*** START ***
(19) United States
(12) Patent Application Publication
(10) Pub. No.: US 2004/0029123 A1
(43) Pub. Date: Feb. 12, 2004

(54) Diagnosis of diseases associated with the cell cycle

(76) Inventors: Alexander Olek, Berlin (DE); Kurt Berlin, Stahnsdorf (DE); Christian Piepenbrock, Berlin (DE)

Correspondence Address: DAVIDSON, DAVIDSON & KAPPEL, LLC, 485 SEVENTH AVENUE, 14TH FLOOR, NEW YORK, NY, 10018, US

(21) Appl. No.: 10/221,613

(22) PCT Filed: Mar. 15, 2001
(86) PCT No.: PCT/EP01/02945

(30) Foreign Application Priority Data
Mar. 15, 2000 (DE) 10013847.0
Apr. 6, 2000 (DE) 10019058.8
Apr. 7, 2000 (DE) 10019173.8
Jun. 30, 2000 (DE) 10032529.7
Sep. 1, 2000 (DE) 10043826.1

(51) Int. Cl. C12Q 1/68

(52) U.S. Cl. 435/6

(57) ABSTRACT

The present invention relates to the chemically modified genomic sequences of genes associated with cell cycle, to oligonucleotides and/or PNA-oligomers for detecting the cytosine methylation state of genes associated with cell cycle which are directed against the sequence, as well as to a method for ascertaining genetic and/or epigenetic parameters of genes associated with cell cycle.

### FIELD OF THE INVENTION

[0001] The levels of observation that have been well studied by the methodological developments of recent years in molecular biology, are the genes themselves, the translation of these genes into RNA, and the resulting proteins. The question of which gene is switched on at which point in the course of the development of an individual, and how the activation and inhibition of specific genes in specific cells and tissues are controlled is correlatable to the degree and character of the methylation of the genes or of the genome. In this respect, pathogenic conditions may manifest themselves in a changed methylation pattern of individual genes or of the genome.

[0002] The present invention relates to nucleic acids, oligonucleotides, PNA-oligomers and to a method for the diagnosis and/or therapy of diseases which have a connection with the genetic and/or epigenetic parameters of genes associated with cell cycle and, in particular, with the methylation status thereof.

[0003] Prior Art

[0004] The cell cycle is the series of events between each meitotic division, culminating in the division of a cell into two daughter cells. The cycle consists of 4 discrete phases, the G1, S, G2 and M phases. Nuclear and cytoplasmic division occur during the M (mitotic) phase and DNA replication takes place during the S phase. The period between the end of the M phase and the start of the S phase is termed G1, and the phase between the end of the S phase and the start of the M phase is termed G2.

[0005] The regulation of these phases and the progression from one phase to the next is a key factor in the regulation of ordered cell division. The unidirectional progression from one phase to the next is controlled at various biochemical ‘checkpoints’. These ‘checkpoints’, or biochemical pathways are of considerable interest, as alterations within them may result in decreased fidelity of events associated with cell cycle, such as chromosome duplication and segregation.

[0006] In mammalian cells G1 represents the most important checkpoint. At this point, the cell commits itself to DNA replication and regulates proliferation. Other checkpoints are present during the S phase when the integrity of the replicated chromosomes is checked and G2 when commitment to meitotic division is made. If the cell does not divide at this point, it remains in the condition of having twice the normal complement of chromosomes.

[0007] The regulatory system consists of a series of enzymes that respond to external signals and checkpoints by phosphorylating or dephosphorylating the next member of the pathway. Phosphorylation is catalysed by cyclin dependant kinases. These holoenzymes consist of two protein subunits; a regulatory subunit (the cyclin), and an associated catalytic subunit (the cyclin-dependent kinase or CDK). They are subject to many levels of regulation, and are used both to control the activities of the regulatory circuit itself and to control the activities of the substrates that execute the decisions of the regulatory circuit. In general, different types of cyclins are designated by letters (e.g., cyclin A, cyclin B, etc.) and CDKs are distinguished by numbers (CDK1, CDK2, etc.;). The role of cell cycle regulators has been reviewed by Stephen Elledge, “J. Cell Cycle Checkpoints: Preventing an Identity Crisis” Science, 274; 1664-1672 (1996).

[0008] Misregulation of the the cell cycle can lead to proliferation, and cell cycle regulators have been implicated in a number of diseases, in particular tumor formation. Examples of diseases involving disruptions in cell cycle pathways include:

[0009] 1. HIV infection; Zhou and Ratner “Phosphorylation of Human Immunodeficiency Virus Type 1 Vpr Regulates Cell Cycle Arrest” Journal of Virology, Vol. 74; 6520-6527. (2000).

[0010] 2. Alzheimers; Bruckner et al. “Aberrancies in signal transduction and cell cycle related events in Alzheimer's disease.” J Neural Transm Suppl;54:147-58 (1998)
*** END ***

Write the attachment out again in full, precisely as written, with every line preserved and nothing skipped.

(19) United States
(12) Patent Application Publication
(10) Pub. No.: US 2004/0029123 A1
(43) Pub. Date: Feb. 12, 2004

(54) Diagnosis of diseases associated with the cell cycle

(76) Inventors: Alexander Olek, Berlin (DE); Kurt Berlin, Stahnsdorf (DE); Christian Piepenbrock, Berlin (DE)

Correspondence Address: DAVIDSON, DAVIDSON & KAPPEL, LLC, 485 SEVENTH AVENUE, 14TH FLOOR, NEW YORK, NY, 10018, US

(21) Appl. No.: 10/221,613

(22) PCT Filed: Mar. 15, 2001
(86) PCT No.: PCT/EP01/02945

(30) Foreign Application Priority Data
Mar. 15, 2000 (DE) 10013847.0
Apr. 6, 2000 (DE) 10019058.8
Apr. 7, 2000 (DE) 10019173.8
Jun. 30, 2000 (DE) 10032529.7
Sep. 1, 2000 (DE) 10043826.1

(51) Int. Cl. C12Q 1/68

(52) U.S. Cl. 435/6

(57) ABSTRACT

The present invention relates to the chemically modified genomic sequences of genes associated with cell cycle, to oligonucleotides and/or PNA-oligomers for detecting the cytosine methylation state of genes associated with cell cycle which are directed against the sequence, as well as to a method for ascertaining genetic and/or epigenetic parameters of genes associated with cell cycle.

### FIELD OF THE INVENTION

[0001] The levels of observation that have been well studied by the methodological developments of recent years in molecular biology, are the genes themselves, the translation of these genes into RNA, and the resulting proteins. The question of which gene is switched on at which point in the course of the development of an individual, and how the activation and inhibition of specific genes in specific cells and tissues are controlled is correlatable to the degree and character of the methylation of the genes or of the genome. In this respect, pathogenic conditions may manifest themselves in a changed methylation pattern of individual genes or of the genome.

[0002] The present invention relates to nucleic acids, oligonucleotides, PNA-oligomers and to a method for the diagnosis and/or therapy of diseases which have a connection with the genetic and/or epigenetic parameters of genes associated with cell cycle and, in particular, with the methylation status thereof.

[0003] Prior Art

[0004] The cell cycle is the series of events between each meitotic division, culminating in the division of a cell into two daughter cells. The cycle consists of 4 discrete phases, the G1, S, G2 and M phases. Nuclear and cytoplasmic division occur during the M (mitotic) phase and DNA replication takes place during the S phase. The period between the end of the M phase and the start of the S phase is termed G1, and the phase between the end of the S phase and the start of the M phase is termed G2.

[0005] The regulation of these phases and the progression from one phase to the next is a key factor in the regulation of ordered cell division. The unidirectional progression from one phase to the next is controlled at various biochemical ‘checkpoints’. These ‘checkpoints’, or biochemical pathways are of considerable interest, as alterations within them may result in decreased fidelity of events associated with cell cycle, such as chromosome duplication and segregation.

[0006] In mammalian cells G1 represents the most important checkpoint. At this point, the cell commits itself to DNA replication and regulates proliferation. Other checkpoints are present during the S phase when the integrity of the replicated chromosomes is checked and G2 when commitment to meitotic division is made. If the cell does not divide at this point, it remains in the condition of having twice the normal complement of chromosomes.

[0007] The regulatory system consists of a series of enzymes that respond to external signals and checkpoints by phosphorylating or dephosphorylating the next member of the pathway. Phosphorylation is catalysed by cyclin dependant kinases. These holoenzymes consist of two protein subunits; a regulatory subunit (the cyclin), and an associated catalytic subunit (the cyclin-dependent kinase or CDK). They are subject to many levels of regulation, and are used both to control the activities of the regulatory circuit itself and to control the activities of the substrates that execute the decisions of the regulatory circuit. In general, different types of cyclins are designated by letters (e.g., cyclin A, cyclin B, etc.) and CDKs are distinguished by numbers (CDK1, CDK2, etc.;). The role of cell cycle regulators has been reviewed by Stephen Elledge, “J. Cell Cycle Checkpoints: Preventing an Identity Crisis” Science, 274; 1664-1672 (1996).

[0008] Misregulation of the the cell cycle can lead to proliferation, and cell cycle regulators have been implicated in a number of diseases, in particular tumor formation. Examples of diseases involving disruptions in cell cycle pathways include:

[0009] 1. HIV infection; Zhou and Ratner “Phosphorylation of Human Immunodeficiency Virus Type 1 Vpr Regulates Cell Cycle Arrest” Journal of Virology, Vol. 74; 6520-6527. (2000).

[0010] 2. Alzheimers; Bruckner et al. “Aberrancies in signal transduction and cell cycle related events in Alzheimer's disease.” J Neural Transm Suppl;54:147-58 (1998)